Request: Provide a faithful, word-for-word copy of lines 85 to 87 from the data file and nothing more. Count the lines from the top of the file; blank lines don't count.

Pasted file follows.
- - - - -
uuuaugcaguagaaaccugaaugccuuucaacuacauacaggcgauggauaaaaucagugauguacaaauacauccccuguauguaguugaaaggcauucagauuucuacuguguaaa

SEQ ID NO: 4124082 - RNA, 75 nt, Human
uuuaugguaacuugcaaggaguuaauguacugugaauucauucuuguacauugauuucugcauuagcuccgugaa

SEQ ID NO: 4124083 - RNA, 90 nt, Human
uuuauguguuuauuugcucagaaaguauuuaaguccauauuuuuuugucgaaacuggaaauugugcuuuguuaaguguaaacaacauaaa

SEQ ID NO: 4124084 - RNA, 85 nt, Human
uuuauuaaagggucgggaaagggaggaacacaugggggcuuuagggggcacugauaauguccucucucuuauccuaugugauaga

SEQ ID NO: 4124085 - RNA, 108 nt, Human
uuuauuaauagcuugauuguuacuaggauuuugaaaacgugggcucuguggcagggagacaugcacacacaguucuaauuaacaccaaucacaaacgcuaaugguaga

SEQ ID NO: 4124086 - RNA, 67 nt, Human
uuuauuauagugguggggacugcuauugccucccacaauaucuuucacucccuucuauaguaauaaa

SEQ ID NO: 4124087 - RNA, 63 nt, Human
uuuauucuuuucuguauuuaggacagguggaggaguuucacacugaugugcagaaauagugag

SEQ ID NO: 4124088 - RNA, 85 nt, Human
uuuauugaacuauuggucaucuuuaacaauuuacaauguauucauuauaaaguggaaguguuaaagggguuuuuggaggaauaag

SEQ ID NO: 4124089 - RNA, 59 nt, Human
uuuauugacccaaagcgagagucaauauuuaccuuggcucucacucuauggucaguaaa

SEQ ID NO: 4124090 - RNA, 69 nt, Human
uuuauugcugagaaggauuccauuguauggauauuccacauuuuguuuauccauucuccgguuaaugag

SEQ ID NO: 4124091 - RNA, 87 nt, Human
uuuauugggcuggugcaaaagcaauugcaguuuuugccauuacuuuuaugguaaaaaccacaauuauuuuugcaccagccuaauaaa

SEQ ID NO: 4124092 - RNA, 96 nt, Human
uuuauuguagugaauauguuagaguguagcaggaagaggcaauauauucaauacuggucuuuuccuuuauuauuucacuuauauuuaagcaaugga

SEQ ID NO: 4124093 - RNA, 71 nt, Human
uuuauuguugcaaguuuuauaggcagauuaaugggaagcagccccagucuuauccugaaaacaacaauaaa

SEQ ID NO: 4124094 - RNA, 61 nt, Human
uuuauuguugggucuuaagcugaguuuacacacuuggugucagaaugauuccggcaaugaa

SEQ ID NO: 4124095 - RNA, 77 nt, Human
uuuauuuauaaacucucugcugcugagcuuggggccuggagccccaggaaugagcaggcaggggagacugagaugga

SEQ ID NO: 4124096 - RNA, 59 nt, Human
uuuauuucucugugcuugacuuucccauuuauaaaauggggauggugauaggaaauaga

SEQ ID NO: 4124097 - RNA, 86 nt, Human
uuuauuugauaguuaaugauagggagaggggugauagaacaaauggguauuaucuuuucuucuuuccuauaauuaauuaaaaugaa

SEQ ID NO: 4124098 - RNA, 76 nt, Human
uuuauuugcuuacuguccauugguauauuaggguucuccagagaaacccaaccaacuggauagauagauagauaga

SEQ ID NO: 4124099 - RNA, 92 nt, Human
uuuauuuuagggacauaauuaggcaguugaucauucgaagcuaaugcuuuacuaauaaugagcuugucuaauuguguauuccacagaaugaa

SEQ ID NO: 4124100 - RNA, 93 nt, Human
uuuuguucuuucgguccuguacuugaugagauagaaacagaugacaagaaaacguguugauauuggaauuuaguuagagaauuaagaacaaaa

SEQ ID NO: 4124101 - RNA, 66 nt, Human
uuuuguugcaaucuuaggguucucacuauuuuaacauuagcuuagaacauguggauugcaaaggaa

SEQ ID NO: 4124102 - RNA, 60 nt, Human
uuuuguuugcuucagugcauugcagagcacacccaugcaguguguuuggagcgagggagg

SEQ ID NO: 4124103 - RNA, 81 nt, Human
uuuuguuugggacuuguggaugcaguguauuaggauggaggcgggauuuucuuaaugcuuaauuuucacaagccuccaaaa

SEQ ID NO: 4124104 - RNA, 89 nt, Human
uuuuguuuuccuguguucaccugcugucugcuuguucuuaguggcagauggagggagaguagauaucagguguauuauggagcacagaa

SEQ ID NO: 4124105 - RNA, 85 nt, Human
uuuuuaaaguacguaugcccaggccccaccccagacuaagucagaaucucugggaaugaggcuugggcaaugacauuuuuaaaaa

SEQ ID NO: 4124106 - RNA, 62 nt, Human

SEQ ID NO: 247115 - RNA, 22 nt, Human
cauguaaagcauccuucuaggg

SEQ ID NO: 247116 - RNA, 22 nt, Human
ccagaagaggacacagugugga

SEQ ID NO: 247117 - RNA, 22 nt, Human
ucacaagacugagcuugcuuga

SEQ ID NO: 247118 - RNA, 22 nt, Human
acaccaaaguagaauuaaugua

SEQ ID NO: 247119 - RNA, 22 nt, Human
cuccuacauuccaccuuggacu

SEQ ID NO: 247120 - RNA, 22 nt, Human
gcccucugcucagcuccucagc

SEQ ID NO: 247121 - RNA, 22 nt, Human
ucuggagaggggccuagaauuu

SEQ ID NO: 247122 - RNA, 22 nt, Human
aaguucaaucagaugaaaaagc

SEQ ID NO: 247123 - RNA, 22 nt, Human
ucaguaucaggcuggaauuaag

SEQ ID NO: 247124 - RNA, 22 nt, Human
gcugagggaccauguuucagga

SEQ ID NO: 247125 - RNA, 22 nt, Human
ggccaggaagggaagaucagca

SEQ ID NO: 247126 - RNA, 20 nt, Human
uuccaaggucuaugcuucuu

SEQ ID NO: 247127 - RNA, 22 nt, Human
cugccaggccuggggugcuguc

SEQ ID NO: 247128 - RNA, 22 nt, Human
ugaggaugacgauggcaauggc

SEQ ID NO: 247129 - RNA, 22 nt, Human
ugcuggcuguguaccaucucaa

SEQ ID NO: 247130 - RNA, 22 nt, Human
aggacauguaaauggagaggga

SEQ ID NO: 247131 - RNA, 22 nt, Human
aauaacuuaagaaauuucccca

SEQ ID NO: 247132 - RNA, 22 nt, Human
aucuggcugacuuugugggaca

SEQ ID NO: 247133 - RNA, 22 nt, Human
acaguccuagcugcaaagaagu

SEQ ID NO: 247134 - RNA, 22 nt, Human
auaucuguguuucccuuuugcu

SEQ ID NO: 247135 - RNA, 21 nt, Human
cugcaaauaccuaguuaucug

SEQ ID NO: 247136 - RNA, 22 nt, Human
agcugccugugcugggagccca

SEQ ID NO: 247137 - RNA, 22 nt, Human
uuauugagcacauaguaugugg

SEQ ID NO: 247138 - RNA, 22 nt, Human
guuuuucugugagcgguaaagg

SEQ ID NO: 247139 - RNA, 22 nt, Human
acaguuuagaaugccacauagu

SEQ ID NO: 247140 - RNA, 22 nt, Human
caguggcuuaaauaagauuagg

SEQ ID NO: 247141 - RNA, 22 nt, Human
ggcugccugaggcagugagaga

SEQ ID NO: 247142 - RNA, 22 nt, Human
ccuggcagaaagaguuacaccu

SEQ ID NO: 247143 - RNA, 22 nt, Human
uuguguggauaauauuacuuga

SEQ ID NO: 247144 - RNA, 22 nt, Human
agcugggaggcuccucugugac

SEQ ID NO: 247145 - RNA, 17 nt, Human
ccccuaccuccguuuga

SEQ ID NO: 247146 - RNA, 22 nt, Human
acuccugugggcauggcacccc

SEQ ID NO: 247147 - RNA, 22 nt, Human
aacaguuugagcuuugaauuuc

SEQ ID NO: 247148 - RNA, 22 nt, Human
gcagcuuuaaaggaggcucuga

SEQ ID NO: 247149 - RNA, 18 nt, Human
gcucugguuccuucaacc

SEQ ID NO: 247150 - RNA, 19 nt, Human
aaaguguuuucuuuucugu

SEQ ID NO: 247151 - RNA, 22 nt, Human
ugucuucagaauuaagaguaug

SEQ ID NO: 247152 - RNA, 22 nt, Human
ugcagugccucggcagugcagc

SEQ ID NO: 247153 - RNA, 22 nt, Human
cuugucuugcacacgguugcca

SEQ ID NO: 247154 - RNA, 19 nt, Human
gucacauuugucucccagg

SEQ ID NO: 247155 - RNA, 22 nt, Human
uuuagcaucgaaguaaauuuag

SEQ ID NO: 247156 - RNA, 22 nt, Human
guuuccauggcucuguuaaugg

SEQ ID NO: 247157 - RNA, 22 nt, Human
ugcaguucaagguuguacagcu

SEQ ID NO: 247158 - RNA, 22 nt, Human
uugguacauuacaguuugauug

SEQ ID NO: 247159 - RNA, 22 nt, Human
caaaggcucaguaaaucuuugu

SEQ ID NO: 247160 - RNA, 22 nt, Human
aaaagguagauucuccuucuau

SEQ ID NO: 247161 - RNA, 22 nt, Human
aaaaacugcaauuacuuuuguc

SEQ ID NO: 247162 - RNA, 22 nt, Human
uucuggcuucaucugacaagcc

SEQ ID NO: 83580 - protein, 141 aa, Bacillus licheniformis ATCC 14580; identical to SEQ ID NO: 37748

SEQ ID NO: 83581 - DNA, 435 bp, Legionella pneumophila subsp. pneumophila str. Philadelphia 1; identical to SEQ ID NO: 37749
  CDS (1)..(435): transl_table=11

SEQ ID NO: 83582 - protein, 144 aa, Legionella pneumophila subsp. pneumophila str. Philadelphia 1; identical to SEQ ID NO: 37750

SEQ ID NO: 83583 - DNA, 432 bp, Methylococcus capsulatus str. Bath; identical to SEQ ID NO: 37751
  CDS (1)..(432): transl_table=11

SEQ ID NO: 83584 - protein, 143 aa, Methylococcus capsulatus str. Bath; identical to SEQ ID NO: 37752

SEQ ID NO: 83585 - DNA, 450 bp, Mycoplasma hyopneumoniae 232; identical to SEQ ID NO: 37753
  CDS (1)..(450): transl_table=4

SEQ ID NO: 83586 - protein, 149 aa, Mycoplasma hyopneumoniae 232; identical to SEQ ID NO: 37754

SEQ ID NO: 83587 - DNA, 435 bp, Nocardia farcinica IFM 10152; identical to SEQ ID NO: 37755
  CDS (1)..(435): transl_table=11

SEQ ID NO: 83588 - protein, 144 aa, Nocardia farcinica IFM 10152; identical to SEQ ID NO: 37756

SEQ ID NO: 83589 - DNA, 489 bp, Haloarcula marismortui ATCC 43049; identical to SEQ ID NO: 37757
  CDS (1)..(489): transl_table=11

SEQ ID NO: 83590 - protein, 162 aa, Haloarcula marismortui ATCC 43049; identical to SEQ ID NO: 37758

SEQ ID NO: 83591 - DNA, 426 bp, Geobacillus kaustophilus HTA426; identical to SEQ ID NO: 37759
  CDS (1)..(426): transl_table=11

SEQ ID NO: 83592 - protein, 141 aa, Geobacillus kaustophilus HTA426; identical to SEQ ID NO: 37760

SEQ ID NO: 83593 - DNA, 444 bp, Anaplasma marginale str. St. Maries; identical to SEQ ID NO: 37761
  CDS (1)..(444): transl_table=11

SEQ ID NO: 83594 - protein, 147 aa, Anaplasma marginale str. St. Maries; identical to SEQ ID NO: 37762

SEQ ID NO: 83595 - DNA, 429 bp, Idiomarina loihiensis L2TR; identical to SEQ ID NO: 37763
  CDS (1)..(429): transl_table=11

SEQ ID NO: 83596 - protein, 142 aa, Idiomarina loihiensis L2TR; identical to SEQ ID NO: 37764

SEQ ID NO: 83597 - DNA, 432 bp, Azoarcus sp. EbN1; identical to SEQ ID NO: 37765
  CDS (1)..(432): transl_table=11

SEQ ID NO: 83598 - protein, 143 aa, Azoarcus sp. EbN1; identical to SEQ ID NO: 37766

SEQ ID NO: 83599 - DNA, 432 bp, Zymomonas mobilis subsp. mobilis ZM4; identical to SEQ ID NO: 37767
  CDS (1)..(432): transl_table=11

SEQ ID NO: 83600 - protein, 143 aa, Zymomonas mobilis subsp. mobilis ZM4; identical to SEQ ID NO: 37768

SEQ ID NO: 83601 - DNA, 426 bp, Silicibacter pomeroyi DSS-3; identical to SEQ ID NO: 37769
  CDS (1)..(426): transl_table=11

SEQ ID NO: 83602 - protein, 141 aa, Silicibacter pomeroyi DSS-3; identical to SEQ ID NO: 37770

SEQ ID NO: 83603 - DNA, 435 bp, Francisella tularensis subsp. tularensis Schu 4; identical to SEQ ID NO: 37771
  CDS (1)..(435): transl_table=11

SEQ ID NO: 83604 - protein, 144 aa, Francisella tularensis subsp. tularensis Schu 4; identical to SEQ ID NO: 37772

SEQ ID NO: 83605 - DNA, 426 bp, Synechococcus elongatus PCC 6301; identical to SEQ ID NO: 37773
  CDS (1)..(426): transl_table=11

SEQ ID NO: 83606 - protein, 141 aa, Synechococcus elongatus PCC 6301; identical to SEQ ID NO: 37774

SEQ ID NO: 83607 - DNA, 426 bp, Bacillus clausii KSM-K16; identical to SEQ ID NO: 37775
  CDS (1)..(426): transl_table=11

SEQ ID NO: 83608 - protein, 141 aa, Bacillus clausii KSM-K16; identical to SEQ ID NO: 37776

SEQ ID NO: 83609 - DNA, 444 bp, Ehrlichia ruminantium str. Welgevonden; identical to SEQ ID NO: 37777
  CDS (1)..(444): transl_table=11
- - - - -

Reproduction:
SEQ ID NO: 247132 - RNA, 22 nt, Human
aucuggcugacuuugugggaca

SEQ ID NO: 247133 - RNA, 22 nt, Human